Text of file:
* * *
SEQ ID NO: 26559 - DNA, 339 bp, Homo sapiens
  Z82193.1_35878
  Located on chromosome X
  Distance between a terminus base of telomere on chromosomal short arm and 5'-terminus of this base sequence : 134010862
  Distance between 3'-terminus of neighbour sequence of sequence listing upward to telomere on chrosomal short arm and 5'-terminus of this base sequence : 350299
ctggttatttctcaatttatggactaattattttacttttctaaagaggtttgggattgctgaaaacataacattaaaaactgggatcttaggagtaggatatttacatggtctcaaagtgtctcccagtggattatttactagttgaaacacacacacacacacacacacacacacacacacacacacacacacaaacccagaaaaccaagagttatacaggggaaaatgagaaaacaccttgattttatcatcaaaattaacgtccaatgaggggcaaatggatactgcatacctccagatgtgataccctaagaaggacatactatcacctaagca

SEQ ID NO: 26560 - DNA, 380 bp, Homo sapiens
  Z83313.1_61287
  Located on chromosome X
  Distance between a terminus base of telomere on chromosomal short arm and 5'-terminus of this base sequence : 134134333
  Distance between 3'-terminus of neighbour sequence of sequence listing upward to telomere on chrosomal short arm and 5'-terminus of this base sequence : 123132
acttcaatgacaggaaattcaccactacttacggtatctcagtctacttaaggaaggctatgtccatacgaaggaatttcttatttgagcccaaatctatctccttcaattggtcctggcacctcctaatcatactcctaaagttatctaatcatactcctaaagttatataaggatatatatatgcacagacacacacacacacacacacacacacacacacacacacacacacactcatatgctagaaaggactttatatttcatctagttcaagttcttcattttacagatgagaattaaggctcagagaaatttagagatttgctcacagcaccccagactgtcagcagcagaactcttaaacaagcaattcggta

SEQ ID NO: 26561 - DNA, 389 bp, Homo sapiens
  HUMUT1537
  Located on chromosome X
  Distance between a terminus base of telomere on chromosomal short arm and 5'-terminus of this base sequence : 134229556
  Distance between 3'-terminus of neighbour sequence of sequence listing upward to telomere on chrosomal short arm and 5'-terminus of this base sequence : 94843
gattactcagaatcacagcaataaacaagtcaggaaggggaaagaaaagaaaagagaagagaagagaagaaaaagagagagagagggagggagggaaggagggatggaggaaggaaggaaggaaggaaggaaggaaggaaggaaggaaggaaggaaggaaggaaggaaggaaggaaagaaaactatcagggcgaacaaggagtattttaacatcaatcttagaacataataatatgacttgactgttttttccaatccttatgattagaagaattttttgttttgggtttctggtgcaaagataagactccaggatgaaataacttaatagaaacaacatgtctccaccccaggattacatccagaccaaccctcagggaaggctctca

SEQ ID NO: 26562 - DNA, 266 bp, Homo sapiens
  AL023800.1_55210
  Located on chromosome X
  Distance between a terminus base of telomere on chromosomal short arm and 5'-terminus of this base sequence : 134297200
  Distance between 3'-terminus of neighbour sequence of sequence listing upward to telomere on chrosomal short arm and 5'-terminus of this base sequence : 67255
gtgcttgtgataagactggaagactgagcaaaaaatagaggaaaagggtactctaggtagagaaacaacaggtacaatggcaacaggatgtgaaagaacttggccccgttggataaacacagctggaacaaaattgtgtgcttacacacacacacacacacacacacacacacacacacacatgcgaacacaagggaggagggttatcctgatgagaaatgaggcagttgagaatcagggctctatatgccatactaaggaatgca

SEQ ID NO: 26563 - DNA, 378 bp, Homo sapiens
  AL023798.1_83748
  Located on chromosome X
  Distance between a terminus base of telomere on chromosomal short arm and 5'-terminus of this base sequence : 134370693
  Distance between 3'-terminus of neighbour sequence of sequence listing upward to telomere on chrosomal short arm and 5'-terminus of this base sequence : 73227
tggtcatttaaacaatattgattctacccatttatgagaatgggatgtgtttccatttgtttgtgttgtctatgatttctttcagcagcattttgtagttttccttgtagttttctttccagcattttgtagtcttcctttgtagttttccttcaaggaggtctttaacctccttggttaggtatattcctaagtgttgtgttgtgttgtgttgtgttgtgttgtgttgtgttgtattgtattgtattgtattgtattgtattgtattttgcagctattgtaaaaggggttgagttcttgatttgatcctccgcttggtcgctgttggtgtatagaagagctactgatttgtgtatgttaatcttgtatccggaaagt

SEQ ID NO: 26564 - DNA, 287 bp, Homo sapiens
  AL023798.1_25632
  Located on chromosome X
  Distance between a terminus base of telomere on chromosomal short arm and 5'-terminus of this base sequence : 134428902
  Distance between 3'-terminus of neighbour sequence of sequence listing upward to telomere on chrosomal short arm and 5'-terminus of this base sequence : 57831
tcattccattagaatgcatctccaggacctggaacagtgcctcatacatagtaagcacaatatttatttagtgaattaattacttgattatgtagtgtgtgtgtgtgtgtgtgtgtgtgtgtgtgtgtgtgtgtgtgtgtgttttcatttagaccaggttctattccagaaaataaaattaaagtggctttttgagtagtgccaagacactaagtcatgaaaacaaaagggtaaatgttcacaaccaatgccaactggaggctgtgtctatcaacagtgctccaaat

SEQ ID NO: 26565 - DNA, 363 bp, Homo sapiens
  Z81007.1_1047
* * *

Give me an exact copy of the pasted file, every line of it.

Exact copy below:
SEQ ID NO: 26559 - DNA, 339 bp, Homo sapiens
  Z82193.1_35878
  Located on chromosome X
  Distance between a terminus base of telomere on chromosomal short arm and 5'-terminus of this base sequence : 134010862
  Distance between 3'-terminus of neighbour sequence of sequence listing upward to telomere on chrosomal short arm and 5'-terminus of this base sequence : 350299
ctggttatttctcaatttatggactaattattttacttttctaaagaggtttgggattgctgaaaacataacattaaaaactgggatcttaggagtaggatatttacatggtctcaaagtgtctcccagtggattatttactagttgaaacacacacacacacacacacacacacacacacacacacacacacacaaacccagaaaaccaagagttatacaggggaaaatgagaaaacaccttgattttatcatcaaaattaacgtccaatgaggggcaaatggatactgcatacctccagatgtgataccctaagaaggacatactatcacctaagca

SEQ ID NO: 26560 - DNA, 380 bp, Homo sapiens
  Z83313.1_61287
  Located on chromosome X
  Distance between a terminus base of telomere on chromosomal short arm and 5'-terminus of this base sequence : 134134333
  Distance between 3'-terminus of neighbour sequence of sequence listing upward to telomere on chrosomal short arm and 5'-terminus of this base sequence : 123132
acttcaatgacaggaaattcaccactacttacggtatctcagtctacttaaggaaggctatgtccatacgaaggaatttcttatttgagcccaaatctatctccttcaattggtcctggcacctcctaatcatactcctaaagttatctaatcatactcctaaagttatataaggatatatatatgcacagacacacacacacacacacacacacacacacacacacacacacacactcatatgctagaaaggactttatatttcatctagttcaagttcttcattttacagatgagaattaaggctcagagaaatttagagatttgctcacagcaccccagactgtcagcagcagaactcttaaacaagcaattcggta

SEQ ID NO: 26561 - DNA, 389 bp, Homo sapiens
  HUMUT1537
  Located on chromosome X
  Distance between a terminus base of telomere on chromosomal short arm and 5'-terminus of this base sequence : 134229556
  Distance between 3'-terminus of neighbour sequence of sequence listing upward to telomere on chrosomal short arm and 5'-terminus of this base sequence : 94843
gattactcagaatcacagcaataaacaagtcaggaaggggaaagaaaagaaaagagaagagaagagaagaaaaagagagagagagggagggagggaaggagggatggaggaaggaaggaaggaaggaaggaaggaaggaaggaaggaaggaaggaaggaaggaaggaaggaaggaaagaaaactatcagggcgaacaaggagtattttaacatcaatcttagaacataataatatgacttgactgttttttccaatccttatgattagaagaattttttgttttgggtttctggtgcaaagataagactccaggatgaaataacttaatagaaacaacatgtctccaccccaggattacatccagaccaaccctcagggaaggctctca

SEQ ID NO: 26562 - DNA, 266 bp, Homo sapiens
  AL023800.1_55210
  Located on chromosome X
  Distance between a terminus base of telomere on chromosomal short arm and 5'-terminus of this base sequence : 134297200
  Distance between 3'-terminus of neighbour sequence of sequence listing upward to telomere on chrosomal short arm and 5'-terminus of this base sequence : 67255
gtgcttgtgataagactggaagactgagcaaaaaatagaggaaaagggtactctaggtagagaaacaacaggtacaatggcaacaggatgtgaaagaacttggccccgttggataaacacagctggaacaaaattgtgtgcttacacacacacacacacacacacacacacacacacacacatgcgaacacaagggaggagggttatcctgatgagaaatgaggcagttgagaatcagggctctatatgccatactaaggaatgca

SEQ ID NO: 26563 - DNA, 378 bp, Homo sapiens
  AL023798.1_83748
  Located on chromosome X
  Distance between a terminus base of telomere on chromosomal short arm and 5'-terminus of this base sequence : 134370693
  Distance between 3'-terminus of neighbour sequence of sequence listing upward to telomere on chrosomal short arm and 5'-terminus of this base sequence : 73227
tggtcatttaaacaatattgattctacccatttatgagaatgggatgtgtttccatttgtttgtgttgtctatgatttctttcagcagcattttgtagttttccttgtagttttctttccagcattttgtagtcttcctttgtagttttccttcaaggaggtctttaacctccttggttaggtatattcctaagtgttgtgttgtgttgtgttgtgttgtgttgtgttgtgttgtattgtattgtattgtattgtattgtattgtattttgcagctattgtaaaaggggttgagttcttgatttgatcctccgcttggtcgctgttggtgtatagaagagctactgatttgtgtatgttaatcttgtatccggaaagt

SEQ ID NO: 26564 - DNA, 287 bp, Homo sapiens
  AL023798.1_25632
  Located on chromosome X
  Distance between a terminus base of telomere on chromosomal short arm and 5'-terminus of this base sequence : 134428902
  Distance between 3'-terminus of neighbour sequence of sequence listing upward to telomere on chrosomal short arm and 5'-terminus of this base sequence : 57831
tcattccattagaatgcatctccaggacctggaacagtgcctcatacatagtaagcacaatatttatttagtgaattaattacttgattatgtagtgtgtgtgtgtgtgtgtgtgtgtgtgtgtgtgtgtgtgtgtgtgtgttttcatttagaccaggttctattccagaaaataaaattaaagtggctttttgagtagtgccaagacactaagtcatgaaaacaaaagggtaaatgttcacaaccaatgccaactggaggctgtgtctatcaacagtgctccaaat

SEQ ID NO: 26565 - DNA, 363 bp, Homo sapiens
  Z81007.1_1047